Wednesday, November 18, 2009
Remember a couple of months ago when I was gushing over 'The Community Service Announcement' by Jonathan Boulet? Well I still love the song a heck of a lot and I still don't know how to pronounce his name. So not much has changed.
The video for the song was filmed a couple of weeks ago in NZ by those uber creative creatives, Special Problems. They've done work for The Mint Chicks, Cut Copy and Cut Off Your Hands, don't ya know. Judging by photos posted up on Twitter the underwater shoot must have been very chilly.
The fact that Jonathan is the same age as me just astounds me... what am I doing with my life? But it's good to see all of these hugely talented people getting the success and accolades where it is well deserved.
His debut, self-titled album is out in Australia on December 4. I look forward to buying it.
1. Never use a metaphor, simile, or other figure of speech which you are used to seeing in print.2. Never use a long word where a short one will do.3. If it is possible to cut a word out, always cut it out.4. Never use the passive where you can use the active.5. Never use a foreign phrase, a scientific word or a jargon word if you can think of an everyday English equivalent.6. Break any of these rules sooner than say anything outright barbarous.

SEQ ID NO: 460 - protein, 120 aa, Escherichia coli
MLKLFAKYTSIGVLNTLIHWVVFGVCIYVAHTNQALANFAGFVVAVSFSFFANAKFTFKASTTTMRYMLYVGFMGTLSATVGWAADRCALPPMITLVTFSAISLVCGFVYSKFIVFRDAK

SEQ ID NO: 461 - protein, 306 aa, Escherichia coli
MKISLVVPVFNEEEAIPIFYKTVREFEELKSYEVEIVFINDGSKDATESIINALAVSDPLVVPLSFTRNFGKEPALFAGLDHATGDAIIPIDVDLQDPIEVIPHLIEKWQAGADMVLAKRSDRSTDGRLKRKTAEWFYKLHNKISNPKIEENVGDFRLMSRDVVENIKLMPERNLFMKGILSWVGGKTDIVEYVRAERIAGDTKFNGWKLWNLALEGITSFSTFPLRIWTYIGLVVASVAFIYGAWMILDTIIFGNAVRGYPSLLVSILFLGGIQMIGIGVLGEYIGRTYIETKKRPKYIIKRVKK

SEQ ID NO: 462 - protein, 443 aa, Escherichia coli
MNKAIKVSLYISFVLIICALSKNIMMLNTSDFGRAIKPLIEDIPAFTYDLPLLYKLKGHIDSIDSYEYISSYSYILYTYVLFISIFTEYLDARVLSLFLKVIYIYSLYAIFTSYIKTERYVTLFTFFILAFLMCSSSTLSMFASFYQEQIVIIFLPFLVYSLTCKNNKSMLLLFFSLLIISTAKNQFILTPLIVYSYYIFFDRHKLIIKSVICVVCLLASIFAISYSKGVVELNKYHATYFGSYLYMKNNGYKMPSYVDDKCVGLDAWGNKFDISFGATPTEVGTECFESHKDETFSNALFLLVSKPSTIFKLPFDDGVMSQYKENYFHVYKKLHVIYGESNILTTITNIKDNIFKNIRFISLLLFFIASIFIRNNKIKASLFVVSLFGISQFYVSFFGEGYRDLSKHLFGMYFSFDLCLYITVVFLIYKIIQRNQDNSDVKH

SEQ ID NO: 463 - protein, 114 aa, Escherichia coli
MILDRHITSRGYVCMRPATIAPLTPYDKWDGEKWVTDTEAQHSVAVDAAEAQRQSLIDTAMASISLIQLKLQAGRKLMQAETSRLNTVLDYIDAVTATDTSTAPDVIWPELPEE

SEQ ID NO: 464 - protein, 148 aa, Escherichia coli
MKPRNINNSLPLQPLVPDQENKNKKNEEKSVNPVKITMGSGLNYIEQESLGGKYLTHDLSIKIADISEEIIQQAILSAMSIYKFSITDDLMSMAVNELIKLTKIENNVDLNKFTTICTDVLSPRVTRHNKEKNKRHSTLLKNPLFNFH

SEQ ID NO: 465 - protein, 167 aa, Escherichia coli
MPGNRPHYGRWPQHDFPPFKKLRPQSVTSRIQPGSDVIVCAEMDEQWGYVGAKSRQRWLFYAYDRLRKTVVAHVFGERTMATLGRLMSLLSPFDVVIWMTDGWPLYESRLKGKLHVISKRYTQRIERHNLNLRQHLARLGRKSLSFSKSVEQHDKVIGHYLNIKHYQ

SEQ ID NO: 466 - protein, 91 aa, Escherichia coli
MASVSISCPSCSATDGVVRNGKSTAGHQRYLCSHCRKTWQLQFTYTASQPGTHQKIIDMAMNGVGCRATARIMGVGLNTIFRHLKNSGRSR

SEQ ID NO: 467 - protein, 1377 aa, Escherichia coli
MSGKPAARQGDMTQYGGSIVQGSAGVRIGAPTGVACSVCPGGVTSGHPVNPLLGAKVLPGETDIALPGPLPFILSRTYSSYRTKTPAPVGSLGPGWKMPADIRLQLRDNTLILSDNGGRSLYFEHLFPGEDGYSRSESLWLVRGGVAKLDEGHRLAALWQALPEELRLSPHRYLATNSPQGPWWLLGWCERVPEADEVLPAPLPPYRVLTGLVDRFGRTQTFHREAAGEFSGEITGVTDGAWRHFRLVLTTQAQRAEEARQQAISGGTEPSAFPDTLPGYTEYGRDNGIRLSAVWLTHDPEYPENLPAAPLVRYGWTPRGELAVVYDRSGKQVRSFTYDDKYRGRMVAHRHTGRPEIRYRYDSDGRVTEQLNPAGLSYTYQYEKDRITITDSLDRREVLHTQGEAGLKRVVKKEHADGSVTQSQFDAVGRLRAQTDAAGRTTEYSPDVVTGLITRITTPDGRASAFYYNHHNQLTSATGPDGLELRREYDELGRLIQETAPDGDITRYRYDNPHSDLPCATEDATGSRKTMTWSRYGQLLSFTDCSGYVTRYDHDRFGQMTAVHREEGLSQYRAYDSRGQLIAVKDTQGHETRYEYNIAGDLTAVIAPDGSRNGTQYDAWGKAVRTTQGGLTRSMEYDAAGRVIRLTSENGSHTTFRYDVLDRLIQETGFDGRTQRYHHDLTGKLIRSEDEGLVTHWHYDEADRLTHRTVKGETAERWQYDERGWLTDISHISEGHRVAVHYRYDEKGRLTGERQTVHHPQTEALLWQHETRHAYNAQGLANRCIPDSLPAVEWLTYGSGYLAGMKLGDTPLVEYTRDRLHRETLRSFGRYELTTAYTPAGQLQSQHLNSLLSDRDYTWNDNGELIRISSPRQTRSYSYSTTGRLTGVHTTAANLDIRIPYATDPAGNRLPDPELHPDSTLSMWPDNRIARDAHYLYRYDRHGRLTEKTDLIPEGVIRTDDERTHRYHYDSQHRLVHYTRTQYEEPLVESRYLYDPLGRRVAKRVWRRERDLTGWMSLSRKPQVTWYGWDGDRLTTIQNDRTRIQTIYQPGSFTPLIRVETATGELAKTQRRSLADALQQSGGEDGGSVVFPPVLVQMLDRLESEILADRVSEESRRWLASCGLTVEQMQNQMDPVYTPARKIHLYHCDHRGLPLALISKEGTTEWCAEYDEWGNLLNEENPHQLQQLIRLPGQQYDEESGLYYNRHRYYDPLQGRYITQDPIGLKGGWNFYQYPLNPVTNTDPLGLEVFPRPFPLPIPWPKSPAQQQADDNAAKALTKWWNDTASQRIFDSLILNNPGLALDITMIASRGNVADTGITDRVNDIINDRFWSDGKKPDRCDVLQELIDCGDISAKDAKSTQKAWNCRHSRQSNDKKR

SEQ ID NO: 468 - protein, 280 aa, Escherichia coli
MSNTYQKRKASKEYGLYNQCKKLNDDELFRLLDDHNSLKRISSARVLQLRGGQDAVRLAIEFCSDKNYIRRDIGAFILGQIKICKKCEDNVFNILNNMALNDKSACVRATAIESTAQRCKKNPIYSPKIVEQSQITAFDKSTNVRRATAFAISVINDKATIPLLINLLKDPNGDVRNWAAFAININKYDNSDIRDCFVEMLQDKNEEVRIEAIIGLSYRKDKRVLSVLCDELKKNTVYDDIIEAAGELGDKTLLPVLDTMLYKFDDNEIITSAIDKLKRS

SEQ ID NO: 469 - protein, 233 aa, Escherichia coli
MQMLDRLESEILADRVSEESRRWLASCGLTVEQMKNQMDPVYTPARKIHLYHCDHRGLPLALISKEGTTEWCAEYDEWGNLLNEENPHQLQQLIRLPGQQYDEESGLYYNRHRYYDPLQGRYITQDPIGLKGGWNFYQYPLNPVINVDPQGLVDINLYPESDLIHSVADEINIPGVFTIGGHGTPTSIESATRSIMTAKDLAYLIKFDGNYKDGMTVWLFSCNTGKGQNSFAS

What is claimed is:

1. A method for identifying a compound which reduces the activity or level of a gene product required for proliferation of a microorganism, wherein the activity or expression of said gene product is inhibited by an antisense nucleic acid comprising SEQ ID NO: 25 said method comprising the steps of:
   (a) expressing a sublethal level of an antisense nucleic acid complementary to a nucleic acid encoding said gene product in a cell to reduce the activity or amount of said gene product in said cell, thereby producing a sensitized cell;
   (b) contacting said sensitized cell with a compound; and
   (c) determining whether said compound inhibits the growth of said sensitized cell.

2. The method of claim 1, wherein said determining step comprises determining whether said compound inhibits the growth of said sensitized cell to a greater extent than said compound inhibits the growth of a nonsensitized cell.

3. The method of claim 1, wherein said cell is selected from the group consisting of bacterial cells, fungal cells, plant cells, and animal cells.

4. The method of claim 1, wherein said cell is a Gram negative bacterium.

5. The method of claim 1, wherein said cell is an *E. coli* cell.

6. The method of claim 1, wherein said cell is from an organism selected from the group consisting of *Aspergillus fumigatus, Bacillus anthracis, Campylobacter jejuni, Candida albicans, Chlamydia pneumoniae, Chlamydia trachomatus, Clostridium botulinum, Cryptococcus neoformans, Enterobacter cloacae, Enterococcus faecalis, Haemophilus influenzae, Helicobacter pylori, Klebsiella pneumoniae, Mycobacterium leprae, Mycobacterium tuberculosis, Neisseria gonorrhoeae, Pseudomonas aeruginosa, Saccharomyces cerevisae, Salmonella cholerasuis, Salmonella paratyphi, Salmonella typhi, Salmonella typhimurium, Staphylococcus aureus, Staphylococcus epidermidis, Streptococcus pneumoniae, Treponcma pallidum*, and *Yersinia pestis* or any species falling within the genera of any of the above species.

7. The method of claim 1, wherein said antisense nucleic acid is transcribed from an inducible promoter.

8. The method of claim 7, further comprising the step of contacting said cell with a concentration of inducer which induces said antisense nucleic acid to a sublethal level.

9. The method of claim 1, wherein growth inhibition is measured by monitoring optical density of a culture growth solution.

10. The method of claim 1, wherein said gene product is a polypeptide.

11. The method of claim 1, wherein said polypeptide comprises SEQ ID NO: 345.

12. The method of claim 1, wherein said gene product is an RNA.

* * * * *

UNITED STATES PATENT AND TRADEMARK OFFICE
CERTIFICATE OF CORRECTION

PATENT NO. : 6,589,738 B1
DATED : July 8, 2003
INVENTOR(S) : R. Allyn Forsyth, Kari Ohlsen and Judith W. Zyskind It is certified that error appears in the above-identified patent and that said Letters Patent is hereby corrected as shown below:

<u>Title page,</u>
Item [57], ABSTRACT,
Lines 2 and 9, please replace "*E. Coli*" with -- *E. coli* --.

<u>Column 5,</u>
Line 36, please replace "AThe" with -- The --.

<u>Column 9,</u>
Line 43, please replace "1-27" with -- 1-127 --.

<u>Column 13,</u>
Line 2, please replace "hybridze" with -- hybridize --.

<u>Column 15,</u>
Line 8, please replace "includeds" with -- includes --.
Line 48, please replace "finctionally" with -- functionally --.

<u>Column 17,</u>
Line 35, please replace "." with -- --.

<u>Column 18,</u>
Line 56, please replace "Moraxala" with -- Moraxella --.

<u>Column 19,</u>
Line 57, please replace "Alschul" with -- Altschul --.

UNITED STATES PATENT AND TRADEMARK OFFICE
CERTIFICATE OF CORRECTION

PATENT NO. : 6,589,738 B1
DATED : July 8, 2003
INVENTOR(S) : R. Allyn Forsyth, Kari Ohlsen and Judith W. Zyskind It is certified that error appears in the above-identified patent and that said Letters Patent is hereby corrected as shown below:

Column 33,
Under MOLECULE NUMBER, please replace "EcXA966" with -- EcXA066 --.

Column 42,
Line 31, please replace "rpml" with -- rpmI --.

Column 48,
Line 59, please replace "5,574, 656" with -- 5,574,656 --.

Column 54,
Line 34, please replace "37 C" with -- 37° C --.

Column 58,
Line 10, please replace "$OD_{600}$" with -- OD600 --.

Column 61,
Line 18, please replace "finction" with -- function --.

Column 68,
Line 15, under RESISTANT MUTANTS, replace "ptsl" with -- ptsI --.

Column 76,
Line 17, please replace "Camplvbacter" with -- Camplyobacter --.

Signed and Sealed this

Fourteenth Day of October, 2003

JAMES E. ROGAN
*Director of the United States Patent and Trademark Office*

(I know the photo doesn't really have anything to do with the content of this post, but it's cool, no?)
Saturday, November 14, 2009
Photo Credit: Yvan Rodic, Hannah + Landon, Rag Pony, Russh Magazine, Hobo Gestapo, Emma's Corner, The Sartorialist, Garance Dore,Blushing Ambition , & Various Sources
Friends + Headdresses, Friends + Headdresses + Black and White, Headdress + Leopard Print, Leopard Print + Kate Moss, Leopard Print + Nose Ring, Sheer + Legs, Sheer + Legs + White Beads, White Flower + Pixie Crop, White Lace Collar + Floral Blouse, White Blouse + Kitten, The Sartorialist + Red Hair, Garance Dore + Red Hair (my ideal shade), Kaya Scodelario, Zooey Deschanel, SAN FRANCISCO
Next Thursday Ruby Boutique in Wellington will be taking over the Old Bank Arcade for a party that is promised to be as good as last year's but not quite as crazy, haha. The art of illustrators Shayna Quinn, Henrietta Harris and Kelly Thompson will be on display in what is a "celebration of the joy of picture making".
Auckland band Teacups will be making the trip down to play at the Ruby party. Check out Chelsea from Teacups' blog, she takes lots of pretty pictures.
RSVP is essential. If you want an invite, I'm sure you can just go in store and ask for your name to be put on the list and an email can be sent out to you. But don't quote me on that.
Ruby Presents: Paint Your Heart Out
Thursday 19 November 6-8pm
Ruby Boutique Old Bank Arcade
Friday, November 13, 2009
Photos by Nick Zinner.
Photo Credit: Modular Facebook
Yeah Yeahs Yeahs are heading back to Australian shores this summer, but so far no New Zealand shows have been announced. I'm holding my breath, but we're kinda running out of time here. And looking at their touring dates on myspace, they don't have much time to pop across for a gig or two. Not good, not good.